Headhunters is the first book I have chosen to read by ex-football player, ex-rock star turned writer Jo Nesbo because as far as I am aware it is not part of a series. In the story Roger Brown is an Oslo based headhunter who specialises in recruiting CEO’s for top companies and who is married to a beautiful wife who runs an art gallery.

What we soon find out is that Brown is also an art thief who uses details gleaned from various recruitment interviews to pinpoint works of art he can pilfer. It also helps that he has a man working inside the company that look after most of the house alarms for the rich and famous in Oslo.

It is the opportunity of a lifetime – to steal a long thought lost Rembrandt that gets the story rolling, and once it’s on a roll boy does it keep rolling. Nesbo’s writing is fast-paced, keenly observed and intelligent while delivering top-notch thrills, spills, twists and turns. I am suddenly a big Nesbo fan and you should expect to see a lot more of his books mentioned in my posts from this point onwards – I have nine plucked from various charity shop shelves (and I admit two from W H Smith) arranged in order on my already overburdened ‘to read’ bookshelf.

I would love to say more about the plot of Headhunters but I want this post at least to stay spoiler-free. Suffice to say that the story is believable at a push and no less realistic than say Gardner’s Bond books. The Plot-Prediction-Alarm that went off like a klaxon when I read Cornwell’s Sea Lord failed to alert me to quite a few plot points and that’s one of the reasons I enjoyed the book so much. I guess also having the opportunity to read it in one sitting at the pool in Greece helped somewhat.


Continuing with the idea of reading blockbuster children’s novels not featuring a character called Harry I brought The Hunger Games by Suzanne Collins with me on holiday. Originally when I got wind of this story it was via a promotional event for the film at one of the Memorabilia exhibitions I have attended. My immediate reaction was to notice that it seemed like a rip off of Battle Royale and there were a few questions around that subject to the cast members who had turned up. They shrugged them off saying they had not seen the film and Collins herself doesn’t mention it in the Q&A session tagged on the end of the book. I haven’t seen the film or its sequel, but probably will once I have read the books. Sometimes ideas sprout in parallel and I’ll give the author the benefit of doubt. Lord knows I’ve had a few close shaves with writing ideas that would have, unknown to me, almost duplicated other people’s work – The Time Traveller’s Wife being the closest.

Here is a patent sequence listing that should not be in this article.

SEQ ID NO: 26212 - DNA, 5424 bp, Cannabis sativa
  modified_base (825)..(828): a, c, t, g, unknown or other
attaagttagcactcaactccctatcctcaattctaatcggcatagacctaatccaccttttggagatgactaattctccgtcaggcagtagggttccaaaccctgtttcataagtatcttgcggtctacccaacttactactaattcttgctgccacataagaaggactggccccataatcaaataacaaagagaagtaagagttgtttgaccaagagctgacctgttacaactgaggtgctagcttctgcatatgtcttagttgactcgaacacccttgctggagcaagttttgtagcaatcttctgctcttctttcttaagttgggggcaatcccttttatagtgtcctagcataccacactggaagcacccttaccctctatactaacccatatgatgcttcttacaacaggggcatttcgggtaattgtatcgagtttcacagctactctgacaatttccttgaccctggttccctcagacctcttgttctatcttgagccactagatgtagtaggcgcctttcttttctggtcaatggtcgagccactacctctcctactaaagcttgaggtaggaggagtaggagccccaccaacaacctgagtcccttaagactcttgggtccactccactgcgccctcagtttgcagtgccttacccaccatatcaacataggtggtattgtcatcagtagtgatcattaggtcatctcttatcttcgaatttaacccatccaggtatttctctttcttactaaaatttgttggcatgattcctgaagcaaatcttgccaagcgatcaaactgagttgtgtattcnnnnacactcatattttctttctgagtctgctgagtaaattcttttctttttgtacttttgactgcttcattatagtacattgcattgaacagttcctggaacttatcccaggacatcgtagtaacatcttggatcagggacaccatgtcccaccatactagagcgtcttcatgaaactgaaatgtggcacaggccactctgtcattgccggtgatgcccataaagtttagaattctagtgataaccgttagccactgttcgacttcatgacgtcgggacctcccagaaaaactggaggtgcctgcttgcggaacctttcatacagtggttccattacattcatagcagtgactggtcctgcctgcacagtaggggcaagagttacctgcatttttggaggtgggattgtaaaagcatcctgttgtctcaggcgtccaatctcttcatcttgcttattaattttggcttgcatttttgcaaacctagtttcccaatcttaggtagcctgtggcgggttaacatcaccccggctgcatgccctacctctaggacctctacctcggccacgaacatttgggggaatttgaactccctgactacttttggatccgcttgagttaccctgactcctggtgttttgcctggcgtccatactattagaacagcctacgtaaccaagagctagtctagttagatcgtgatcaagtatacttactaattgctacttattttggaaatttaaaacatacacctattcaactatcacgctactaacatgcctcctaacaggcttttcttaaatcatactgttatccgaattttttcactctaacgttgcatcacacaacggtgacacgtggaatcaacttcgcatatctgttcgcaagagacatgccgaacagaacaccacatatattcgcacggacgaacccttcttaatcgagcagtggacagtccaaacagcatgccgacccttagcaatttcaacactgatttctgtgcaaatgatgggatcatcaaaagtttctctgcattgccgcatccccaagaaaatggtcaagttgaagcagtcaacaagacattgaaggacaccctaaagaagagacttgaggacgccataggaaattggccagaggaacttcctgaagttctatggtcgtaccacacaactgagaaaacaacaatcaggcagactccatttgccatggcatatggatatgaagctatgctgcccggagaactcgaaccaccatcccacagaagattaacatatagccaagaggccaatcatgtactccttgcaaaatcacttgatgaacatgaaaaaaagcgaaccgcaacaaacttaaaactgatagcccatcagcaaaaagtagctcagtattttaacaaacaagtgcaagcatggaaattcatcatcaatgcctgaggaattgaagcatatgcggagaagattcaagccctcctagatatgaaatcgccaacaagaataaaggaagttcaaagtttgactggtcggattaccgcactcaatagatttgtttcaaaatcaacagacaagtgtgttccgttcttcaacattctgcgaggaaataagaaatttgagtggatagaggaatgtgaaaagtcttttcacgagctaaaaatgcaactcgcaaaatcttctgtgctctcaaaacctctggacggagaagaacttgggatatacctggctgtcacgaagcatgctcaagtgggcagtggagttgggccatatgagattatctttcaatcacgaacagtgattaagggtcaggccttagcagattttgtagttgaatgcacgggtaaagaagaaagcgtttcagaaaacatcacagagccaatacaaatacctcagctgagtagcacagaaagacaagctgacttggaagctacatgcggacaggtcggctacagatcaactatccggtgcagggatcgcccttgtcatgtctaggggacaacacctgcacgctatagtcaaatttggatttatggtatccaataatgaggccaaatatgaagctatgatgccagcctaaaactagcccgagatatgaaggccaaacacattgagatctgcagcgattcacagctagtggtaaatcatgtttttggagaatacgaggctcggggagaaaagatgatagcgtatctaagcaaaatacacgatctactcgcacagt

The Hunger Games was pretty much as I expected. It skirts around most of the violence as it is told from a rather pacifist person’s perspective (despite her hunting and survivalist credentials), the only romantic scenes are limited to hugs and kisses (and only for show for the hidden cameras – so it’s not real kissing readers) and the main character doesn’t witness most of the deaths of the other twenty or so ‘tributes’ (and because it’s written in a first person present tense narrative neither do we). The story and style were pretty much on a par with Northern Lights and coincidentally they from the same publishers.

The violent nature of the tale is controversial for a kids book, but then I’m wizened enough to remember the hoo-ha the BBC and Daily Mail made over the Fighting Fantasy role playing paperbacks (especially Deathtrap Dungeon with it’s classic ‘wrong move buddy, a trap slices through your guts and your entrails spill like grey fleshy rope from the bleeding wound…’ entry). I also remember absolutely loving those books as a young boy and doing a lot more reading as a result.